The black lava beach of Reynisfjara
On Iceland’s beautiful, but dangerous Reynisfjara black lava beach signs warn of the risks of getting too close to the water’s edge where ‘sneaker waves’ have been known to catch out unwary tourists and drag them out to sea.
This has to be one of the classic Icelandic landscapes; a sweeping black beach backed by the imposing black basalt cliffs, the latter dotted with patches of green and the white specks that on closer inspection proved to be kittiwakes.
I visited the beach in 2018, with my Virtual Tourist friends. These photos of the beach and striking basalt column cliffs were taken then. They should fit the criteria for Terri’s Sunday Stills challenge this week, although the black lava is juxtaposed with green rather than orange!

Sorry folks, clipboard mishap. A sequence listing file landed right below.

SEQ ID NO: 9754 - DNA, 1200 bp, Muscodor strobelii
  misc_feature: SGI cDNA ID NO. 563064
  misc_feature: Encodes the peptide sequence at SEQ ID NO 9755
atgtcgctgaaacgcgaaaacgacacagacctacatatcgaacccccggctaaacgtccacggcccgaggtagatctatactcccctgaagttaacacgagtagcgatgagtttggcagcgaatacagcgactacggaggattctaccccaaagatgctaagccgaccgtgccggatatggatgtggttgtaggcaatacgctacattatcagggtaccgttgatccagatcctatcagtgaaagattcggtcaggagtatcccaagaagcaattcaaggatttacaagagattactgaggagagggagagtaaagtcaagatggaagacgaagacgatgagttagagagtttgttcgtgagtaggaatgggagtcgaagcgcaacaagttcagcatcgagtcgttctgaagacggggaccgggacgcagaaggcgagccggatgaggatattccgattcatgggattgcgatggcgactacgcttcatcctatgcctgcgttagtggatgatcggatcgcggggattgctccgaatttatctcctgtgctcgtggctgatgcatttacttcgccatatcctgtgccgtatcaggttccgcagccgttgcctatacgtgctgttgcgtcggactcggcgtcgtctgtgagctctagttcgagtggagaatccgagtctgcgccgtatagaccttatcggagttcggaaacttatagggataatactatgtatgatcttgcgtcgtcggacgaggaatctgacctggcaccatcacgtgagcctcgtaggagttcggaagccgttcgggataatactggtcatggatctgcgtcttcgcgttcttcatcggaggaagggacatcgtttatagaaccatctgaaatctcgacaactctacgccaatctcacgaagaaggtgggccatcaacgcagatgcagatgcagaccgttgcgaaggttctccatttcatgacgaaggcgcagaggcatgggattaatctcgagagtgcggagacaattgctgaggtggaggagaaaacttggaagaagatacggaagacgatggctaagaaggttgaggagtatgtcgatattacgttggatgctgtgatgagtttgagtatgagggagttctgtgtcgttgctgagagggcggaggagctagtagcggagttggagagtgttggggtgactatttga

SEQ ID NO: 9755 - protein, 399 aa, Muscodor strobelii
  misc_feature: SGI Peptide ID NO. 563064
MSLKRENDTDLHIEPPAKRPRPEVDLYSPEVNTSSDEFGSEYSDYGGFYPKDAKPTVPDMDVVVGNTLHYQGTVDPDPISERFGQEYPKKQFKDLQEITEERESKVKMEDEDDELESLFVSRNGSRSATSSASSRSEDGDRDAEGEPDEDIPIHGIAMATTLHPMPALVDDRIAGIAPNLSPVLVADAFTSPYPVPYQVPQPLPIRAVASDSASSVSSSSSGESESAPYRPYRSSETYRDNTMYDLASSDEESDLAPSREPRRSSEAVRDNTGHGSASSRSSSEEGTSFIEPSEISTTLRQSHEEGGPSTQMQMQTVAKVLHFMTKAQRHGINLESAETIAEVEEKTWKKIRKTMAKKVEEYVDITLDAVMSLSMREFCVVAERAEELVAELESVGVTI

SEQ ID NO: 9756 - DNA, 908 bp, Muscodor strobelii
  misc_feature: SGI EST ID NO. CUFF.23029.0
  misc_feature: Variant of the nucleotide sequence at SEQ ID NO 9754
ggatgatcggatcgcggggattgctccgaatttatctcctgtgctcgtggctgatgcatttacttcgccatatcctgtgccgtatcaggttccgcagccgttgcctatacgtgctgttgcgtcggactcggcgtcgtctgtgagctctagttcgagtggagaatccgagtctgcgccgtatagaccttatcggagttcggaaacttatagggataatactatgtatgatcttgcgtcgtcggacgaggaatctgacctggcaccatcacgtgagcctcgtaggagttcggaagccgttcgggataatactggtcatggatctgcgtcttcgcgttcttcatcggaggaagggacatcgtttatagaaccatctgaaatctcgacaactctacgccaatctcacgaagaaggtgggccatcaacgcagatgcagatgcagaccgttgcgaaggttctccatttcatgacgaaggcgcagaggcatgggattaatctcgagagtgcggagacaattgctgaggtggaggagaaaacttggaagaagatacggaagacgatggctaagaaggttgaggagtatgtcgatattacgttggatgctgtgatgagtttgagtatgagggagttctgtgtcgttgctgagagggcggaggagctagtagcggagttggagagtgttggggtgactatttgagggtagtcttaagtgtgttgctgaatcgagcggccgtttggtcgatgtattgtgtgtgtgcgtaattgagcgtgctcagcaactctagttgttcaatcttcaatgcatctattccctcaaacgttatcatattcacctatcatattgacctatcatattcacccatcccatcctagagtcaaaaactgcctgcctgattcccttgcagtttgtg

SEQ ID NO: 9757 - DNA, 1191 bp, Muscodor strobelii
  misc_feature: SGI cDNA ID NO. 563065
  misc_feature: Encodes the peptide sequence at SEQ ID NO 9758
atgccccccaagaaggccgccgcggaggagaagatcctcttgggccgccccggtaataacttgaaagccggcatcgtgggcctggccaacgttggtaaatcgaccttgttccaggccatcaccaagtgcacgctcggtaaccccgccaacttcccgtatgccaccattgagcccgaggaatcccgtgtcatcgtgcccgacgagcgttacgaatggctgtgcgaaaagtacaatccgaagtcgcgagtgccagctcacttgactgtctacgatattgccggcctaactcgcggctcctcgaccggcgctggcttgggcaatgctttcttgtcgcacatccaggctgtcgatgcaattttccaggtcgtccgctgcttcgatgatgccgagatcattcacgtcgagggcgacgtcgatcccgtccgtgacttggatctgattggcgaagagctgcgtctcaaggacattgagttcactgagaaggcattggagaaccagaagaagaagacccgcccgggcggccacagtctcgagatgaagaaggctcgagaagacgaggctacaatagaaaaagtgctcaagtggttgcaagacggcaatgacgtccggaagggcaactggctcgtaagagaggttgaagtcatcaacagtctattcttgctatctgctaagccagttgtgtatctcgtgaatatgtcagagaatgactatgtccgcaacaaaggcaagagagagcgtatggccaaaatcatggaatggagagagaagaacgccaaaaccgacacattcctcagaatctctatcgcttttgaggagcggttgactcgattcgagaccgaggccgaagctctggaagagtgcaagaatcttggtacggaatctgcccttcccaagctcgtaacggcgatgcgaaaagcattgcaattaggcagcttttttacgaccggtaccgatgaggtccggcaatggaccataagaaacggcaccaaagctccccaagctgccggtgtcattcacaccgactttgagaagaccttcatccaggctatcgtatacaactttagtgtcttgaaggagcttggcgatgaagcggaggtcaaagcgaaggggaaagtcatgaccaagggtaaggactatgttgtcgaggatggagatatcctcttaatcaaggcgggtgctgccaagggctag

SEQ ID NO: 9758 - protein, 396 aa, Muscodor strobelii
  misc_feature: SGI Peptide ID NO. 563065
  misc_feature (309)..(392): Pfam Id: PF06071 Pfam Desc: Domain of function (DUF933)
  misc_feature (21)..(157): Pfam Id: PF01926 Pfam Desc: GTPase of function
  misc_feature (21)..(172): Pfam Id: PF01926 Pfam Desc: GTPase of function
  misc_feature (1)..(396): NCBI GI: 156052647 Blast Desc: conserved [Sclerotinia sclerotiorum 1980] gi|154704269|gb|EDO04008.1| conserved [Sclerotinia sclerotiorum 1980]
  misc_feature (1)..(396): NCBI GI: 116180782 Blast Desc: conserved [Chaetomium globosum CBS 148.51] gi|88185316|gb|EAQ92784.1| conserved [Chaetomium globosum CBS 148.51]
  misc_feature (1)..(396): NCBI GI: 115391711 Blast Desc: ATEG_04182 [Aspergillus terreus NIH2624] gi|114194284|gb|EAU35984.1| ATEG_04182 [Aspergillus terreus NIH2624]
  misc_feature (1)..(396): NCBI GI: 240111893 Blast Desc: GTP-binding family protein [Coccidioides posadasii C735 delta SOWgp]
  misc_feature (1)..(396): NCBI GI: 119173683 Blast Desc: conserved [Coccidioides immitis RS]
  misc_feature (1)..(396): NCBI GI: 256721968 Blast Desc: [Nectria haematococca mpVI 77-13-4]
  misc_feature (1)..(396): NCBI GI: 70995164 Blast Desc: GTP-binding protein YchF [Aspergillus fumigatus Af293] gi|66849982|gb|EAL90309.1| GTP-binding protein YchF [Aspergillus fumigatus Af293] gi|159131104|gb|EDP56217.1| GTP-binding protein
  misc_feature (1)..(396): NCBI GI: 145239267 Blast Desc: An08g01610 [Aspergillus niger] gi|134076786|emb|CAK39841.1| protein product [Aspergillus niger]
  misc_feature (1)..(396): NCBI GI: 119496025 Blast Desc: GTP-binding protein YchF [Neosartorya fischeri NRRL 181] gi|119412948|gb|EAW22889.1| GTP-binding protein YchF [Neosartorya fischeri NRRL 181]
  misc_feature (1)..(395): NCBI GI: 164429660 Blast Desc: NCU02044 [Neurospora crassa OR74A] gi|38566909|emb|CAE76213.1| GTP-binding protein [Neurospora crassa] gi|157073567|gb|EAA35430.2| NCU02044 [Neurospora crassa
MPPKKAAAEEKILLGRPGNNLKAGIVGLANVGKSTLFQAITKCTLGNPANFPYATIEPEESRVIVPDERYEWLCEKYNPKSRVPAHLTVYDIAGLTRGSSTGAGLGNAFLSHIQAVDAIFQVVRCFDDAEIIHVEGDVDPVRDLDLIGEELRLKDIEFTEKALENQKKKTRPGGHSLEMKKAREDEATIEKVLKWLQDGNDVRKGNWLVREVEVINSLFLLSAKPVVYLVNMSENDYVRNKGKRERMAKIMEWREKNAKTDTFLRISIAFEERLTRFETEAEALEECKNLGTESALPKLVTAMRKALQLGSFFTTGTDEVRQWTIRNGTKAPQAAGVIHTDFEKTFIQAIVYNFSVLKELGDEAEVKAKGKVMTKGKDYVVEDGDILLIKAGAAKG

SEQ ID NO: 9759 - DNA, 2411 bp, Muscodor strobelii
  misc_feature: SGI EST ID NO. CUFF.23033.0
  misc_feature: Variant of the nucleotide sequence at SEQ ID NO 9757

Beyond the black sands and lava, huge grey/white waves crash against the shore. To the left are the Reynisdrangar, looming through the mist and spray, and on the right the arch of Dyrhólaey, the southernmost part of the Icelandic mainland. This is so large that one intrepid pilot successfully flew through it, in 1993.
The Reynisdrangar or Troll Rocks are tall stacks of basalt lying just offshore at the foot of the mountain Reynisfjall. The geological explanation is that Reynisfjall was eroded by the forces of nature to form these stacks. But the legends attached to them are much more colourful and more fun.
According to one story, two trolls tried to drag a three-masted ship to land here. But trolls cannot go out in daylight, and these two made the mistake of staying out too long. When the first rays of the sun struck them they were turned instantly to stone. Another legend tells of a husband whose wife was kidnapped and killed by two trolls. The man followed the trolls down to Reynisfjara where he froze them, ensuring that they would never kill again.